25“Then the kingdom of heaven will be like this. Ten bridesmaids took their lamps and went to meet the bridegroom. 2Five of them were foolish, and five were wise. 3When the foolish took their lamps, they took no oil with them; 4but the wise took flasks of oil with their lamps. 5As the bridegroom was delayed, all of them became drowsy and slept. 6But at midnight there was a shout, ‘Look! Here is the bridegroom! Come out to meet him.’ 7Then all those bridesmaids got up and trimmed their lamps. 8The foolish said to the wise, ‘Give us some of your oil, for our lamps are going out.’ 9But the wise replied, ‘No! there will not be enough for you and for us; you had better go to the dealers and buy some for yourselves.’ 10And while they went to buy it, the bridegroom came, and those who were ready went with him into the wedding banquet; and the door was shut. 11Later the other bridesmaids came also, saying, ‘Lord, lord, open to us.’ 12But he replied, ‘Truly I tell you, I do not know you.’ 13Keep awake therefore, for you know neither the day nor the hour.
What I am Learning:
This is not a story about who gets into heaven. It is a story about being ready for God’s party.
In first-century Palestine the groom would go to the bride’s house and bring her back to his house. Then the party would begin. Until then the bridesmaids would keep their lamps lit in anticipation of the party!
The foolish bridesmaids thought they had it all figured out – they thought they knew when the bride and groom would be there and thus when the party would start. They thought they had it all figured out so they didn’t need to have extra oil. Thus when the groom and bride arrived they were not ready and had to leave to get more oil. They were denied entrance because their lack of preparedness would have been a significant dishonor to the groom.
To our Western ears this sounds harsh: Why not forgive the foolish bridesmaids and let them in?
But in our reading of this text, and many others, we personalize the story in a way that is not intended. In Western culture we tend to think that everything is about the individual human person. Combining this with centuries of Christianity where God is a judge who gives eternal sentences to heaven or hell, we tend to ask every text, almost without thinking: “What will the God-Judge say to us?”
We tend to apply this question to every text. This deadens our imagination about what the text is saying. It makes every text more fearful and more boring than it is. We often accuse the Bible of being judgmental, but in reality it is often our own expectation of judgmentalism that makes us hear and read it that way.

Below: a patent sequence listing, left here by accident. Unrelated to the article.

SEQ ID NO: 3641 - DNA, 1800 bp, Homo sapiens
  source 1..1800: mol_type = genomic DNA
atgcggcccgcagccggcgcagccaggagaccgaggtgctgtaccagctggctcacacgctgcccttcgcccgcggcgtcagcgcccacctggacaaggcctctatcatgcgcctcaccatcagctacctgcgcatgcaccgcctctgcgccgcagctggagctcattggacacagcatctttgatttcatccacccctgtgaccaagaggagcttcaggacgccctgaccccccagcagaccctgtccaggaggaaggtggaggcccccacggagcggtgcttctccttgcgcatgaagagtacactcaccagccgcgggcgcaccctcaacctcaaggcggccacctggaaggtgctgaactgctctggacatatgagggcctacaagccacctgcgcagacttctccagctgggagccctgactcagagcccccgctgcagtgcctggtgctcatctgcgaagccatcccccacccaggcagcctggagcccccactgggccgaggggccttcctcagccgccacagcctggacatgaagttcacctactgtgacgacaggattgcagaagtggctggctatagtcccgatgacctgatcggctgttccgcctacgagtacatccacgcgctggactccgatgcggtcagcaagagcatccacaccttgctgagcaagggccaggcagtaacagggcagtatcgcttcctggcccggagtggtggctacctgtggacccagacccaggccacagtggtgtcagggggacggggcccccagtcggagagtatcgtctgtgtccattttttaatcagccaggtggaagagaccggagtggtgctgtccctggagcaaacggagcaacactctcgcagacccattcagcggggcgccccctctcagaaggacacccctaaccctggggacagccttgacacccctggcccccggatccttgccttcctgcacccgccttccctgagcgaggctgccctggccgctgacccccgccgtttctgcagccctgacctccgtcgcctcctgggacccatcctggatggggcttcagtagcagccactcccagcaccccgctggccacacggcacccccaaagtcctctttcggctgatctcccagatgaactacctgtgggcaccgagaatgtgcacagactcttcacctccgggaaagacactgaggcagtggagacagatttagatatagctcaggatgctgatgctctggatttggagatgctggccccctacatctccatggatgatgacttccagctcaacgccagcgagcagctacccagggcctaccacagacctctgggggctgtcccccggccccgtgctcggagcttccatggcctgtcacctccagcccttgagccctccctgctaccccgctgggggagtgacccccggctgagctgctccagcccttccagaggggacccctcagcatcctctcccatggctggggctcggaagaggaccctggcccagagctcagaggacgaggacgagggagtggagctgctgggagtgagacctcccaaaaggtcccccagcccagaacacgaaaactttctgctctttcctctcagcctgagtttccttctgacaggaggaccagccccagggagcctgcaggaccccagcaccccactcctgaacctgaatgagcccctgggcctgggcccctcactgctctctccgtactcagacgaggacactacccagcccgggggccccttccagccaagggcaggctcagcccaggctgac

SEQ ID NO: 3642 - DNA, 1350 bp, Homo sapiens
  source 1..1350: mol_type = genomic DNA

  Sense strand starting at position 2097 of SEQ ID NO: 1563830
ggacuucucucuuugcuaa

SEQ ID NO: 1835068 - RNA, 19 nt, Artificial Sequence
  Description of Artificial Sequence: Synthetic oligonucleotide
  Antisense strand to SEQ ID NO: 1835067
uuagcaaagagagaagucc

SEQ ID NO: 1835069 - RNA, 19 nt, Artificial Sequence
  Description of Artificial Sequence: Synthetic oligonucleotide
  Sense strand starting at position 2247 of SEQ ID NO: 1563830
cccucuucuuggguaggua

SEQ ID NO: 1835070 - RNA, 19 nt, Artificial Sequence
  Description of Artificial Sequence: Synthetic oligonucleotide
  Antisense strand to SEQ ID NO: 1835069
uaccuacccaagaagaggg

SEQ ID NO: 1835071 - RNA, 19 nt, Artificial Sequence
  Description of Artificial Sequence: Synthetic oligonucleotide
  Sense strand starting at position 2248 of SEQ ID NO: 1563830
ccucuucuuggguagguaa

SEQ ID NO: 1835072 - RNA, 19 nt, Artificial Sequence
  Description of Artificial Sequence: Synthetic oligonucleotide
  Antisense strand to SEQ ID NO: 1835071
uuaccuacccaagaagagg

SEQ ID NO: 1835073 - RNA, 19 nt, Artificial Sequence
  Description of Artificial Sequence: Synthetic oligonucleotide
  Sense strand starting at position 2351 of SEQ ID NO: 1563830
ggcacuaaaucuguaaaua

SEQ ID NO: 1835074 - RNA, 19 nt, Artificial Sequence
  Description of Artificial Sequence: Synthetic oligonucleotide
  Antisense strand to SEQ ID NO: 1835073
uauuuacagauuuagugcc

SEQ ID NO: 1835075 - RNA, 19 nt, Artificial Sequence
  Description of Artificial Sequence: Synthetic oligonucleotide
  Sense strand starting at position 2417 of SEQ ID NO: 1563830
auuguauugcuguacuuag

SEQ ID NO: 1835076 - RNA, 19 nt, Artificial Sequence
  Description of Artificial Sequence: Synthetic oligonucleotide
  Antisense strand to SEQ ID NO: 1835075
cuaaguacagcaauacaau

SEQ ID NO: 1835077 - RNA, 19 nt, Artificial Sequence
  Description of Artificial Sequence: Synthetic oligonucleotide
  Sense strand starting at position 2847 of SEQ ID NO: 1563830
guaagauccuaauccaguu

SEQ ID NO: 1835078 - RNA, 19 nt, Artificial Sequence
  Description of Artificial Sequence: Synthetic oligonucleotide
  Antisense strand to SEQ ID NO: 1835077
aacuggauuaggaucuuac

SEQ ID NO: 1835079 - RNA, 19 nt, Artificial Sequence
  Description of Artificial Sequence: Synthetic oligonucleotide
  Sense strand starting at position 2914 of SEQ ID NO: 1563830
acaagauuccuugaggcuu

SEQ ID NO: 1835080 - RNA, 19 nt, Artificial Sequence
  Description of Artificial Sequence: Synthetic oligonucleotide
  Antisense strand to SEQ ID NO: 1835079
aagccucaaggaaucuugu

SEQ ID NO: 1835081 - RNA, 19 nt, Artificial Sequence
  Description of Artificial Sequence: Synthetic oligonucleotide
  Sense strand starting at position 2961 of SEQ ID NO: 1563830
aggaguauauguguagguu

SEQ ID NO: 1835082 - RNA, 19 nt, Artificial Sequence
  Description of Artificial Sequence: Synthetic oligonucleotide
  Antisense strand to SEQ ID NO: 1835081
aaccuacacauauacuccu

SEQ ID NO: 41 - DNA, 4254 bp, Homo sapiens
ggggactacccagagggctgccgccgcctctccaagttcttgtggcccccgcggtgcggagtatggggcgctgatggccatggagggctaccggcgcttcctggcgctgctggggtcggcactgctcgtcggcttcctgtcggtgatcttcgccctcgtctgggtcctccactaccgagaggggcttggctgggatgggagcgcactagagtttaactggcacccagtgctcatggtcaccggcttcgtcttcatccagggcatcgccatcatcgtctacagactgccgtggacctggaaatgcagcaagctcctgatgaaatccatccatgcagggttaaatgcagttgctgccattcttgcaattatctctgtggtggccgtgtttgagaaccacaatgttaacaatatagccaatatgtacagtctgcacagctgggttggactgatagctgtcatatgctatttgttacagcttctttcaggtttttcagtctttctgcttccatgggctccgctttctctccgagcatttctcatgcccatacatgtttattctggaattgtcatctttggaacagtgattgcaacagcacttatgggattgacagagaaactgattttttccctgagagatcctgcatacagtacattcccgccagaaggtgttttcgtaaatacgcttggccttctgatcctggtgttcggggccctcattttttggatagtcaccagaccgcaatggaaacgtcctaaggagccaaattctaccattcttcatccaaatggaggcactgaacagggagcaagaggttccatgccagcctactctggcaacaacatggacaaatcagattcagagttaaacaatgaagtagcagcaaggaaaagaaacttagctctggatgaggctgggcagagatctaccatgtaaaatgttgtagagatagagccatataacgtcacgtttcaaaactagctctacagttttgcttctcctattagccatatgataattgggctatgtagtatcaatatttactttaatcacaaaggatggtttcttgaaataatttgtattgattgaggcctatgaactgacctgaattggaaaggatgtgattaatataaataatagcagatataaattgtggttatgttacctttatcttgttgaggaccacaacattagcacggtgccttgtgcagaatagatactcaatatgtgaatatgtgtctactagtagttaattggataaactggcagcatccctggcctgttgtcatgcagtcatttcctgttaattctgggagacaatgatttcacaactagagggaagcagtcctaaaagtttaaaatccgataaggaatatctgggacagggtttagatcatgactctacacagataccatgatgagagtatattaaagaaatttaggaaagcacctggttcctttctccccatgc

May the Holy Spirit continue to peel away the Western cataracts from our eyes to see the text in a fresh way!
It is not an example of how God is unforgiving, but a story about how God needs us —how God needs our readiness, our participation in God’s work of healing.
This story is meant to serve as a warning to those who put dates on the calendar for the healing of the world that would take place at Christ’s return instead of being prepared to participate in that healing with Christ every day.
This is a story version of Jesus’ statement in Acts:
6 So when they had come together, they asked him, ‘Lord, is this the time when you will restore the kingdom to Israel?’ 7He replied, ‘It is not for you to know the times or periods that the Father has set by his own authority. 8But you will receive power when the Holy Spirit has come upon you; and you will be my witnesses in Jerusalem, in all Judea and Samaria, and to the ends of the earth.’ Acts 1:6-8
Guestimates and estimates and expectations of when God will bring healing to the whole world are not in the job description of a disciple of Jesus – no matter how intoxicating that may be.
Rather we are to keep our lamp lit, and have the oil we need to keep our light lit. The light is the light of Christ in the world.
“The light shines in the darkness, and the darkness did not overcome it.”
There is a beautiful scene in Harry Potter and the Half Blood Prince when Dumbledore dies and the students gather around his body. The dark mark is in the sky and all seems lost. The staff and students, slowly at first, raise their wands to display a small light, vulnerable against the immense darkness. But as more students raise their light the darkness retreats and the dark mark is erased from the sky.
As I remember the scene, Luna, an odd, foolish duck of a girl, is the first student to raise her wand, to raise her light in the darkness.
Could it be that this text is an invitation to us to do what it takes to keep our lamp lit, to keep hope alive within our chests?
Jesus knows the darkness before the party is immense and that our vulnerable lights don’t seem to like much. But our small light is a form of leadership itself, inviting others into a new orientation from despair to hope.
Jesus invites us to tend our lamps and to be ready and to realize that our being ready is already making a difference in the world, whether we know it or not.